To say our growing stockpiles of non-degradable plastic waste are an environmental headache has to be the understatement of the century. However, thanks to Somerset West inventor William Graham, this highly problematic waste has just become a valuable resource. Here’s why: His modular, fully automated plastics-to-fuel processing plant converts all types of waste plastics (except PVC, because of its chlorine content), as well as vehicle tyres, into a variety of fuels to power our modern lifestyles.

With literally just the push of a button, Graham’s plant produces a multi-fuel chemically similar to diesel that can, in turn, be further refined into a petrol equivalent. Oh, and by-products (depending on the feedstock) include paraffin and LP gas. It also produces a type of clean “sweet crude” with a zero CO2 content that can be processed in diverse ways. To give you an idea: the sulphur content and viscosity levels of Graham’s marine bunker oil are below standard industry norms, while his heavy furnace oil (used in high-volume industrial heat fuel applications) is equally impressive. And his all-up costs for producing 1 litre of multi-fuel? About R2.50.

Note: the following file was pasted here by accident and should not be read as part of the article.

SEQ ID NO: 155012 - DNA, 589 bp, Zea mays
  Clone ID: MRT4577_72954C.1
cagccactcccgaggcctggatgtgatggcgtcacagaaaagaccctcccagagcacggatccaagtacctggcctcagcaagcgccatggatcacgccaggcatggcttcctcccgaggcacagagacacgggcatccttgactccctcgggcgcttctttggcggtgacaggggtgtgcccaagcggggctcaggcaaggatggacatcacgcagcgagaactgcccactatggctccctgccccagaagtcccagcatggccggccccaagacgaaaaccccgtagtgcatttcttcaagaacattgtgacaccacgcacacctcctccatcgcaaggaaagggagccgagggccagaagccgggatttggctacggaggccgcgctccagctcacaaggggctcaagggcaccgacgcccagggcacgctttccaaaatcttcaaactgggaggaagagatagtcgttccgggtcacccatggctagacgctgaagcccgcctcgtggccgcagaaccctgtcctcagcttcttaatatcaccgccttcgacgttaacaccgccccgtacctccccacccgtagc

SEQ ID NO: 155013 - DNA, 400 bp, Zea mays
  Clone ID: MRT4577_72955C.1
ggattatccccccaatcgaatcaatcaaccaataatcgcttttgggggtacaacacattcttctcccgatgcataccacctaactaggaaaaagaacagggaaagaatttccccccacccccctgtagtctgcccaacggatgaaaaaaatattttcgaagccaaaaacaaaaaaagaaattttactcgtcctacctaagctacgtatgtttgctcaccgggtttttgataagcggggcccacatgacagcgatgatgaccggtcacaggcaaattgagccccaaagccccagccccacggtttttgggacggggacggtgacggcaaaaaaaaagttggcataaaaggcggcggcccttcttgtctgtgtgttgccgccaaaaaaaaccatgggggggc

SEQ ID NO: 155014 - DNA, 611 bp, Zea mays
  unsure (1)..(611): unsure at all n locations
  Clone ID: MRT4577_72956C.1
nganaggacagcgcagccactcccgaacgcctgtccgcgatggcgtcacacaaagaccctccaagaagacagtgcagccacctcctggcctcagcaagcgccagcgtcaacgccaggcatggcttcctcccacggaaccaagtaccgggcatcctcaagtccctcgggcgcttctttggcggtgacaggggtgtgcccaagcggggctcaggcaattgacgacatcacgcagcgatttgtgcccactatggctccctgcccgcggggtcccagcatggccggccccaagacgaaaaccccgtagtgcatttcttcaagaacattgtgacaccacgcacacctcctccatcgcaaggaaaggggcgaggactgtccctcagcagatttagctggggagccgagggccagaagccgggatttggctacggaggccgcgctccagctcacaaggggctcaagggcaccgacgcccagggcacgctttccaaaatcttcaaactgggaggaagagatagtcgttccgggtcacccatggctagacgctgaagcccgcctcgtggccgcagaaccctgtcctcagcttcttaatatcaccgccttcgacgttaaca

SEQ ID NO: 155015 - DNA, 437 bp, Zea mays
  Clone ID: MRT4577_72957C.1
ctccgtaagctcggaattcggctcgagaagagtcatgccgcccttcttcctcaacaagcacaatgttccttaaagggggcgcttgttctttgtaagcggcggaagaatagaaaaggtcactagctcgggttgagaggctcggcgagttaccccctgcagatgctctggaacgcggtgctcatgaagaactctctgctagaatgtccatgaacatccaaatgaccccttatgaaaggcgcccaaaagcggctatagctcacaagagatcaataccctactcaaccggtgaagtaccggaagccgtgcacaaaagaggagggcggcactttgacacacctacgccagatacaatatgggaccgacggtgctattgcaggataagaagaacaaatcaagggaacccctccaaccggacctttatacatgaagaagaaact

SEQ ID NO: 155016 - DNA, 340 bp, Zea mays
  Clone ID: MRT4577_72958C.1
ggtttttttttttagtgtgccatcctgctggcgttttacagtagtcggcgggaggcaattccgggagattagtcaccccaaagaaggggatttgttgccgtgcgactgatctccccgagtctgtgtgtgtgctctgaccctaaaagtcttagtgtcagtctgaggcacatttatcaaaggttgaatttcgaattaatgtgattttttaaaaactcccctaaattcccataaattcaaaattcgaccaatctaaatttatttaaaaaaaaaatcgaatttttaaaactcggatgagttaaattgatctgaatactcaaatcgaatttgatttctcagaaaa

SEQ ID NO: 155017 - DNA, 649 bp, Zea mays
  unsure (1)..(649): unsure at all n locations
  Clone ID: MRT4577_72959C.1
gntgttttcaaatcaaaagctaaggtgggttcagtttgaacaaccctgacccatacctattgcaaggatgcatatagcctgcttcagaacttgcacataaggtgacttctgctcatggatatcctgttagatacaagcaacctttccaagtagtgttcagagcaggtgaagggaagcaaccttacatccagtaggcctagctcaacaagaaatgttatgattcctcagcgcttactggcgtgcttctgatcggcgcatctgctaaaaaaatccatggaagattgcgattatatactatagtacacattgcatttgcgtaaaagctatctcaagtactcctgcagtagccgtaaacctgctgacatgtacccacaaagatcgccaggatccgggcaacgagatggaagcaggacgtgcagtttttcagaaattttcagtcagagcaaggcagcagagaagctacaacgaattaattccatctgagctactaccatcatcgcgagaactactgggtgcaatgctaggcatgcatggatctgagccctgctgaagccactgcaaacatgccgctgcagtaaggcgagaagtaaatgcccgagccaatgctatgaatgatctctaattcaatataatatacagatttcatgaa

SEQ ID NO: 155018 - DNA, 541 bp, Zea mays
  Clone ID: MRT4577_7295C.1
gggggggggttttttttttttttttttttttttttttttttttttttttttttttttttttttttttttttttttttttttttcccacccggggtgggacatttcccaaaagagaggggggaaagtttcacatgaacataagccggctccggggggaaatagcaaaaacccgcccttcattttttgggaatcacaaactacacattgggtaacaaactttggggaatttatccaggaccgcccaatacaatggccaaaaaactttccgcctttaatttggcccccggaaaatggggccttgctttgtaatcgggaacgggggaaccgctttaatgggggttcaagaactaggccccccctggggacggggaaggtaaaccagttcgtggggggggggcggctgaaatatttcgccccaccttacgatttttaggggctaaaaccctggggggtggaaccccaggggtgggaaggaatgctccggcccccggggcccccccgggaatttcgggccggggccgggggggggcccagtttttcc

Locally developed plastics-to-fuel processing plant is a real game-changer

Now this is impressive and so incredibly cheap. I can picture one of these at every recycling depot in the country. Drive up, empty your crate of plastic into the back, pop £1 into the coin slot (I like to think our South African friend will make a tidy profit on each litre) wait a while and drive off an extra litre of diesel and a little extra fuel for the braai or tractor.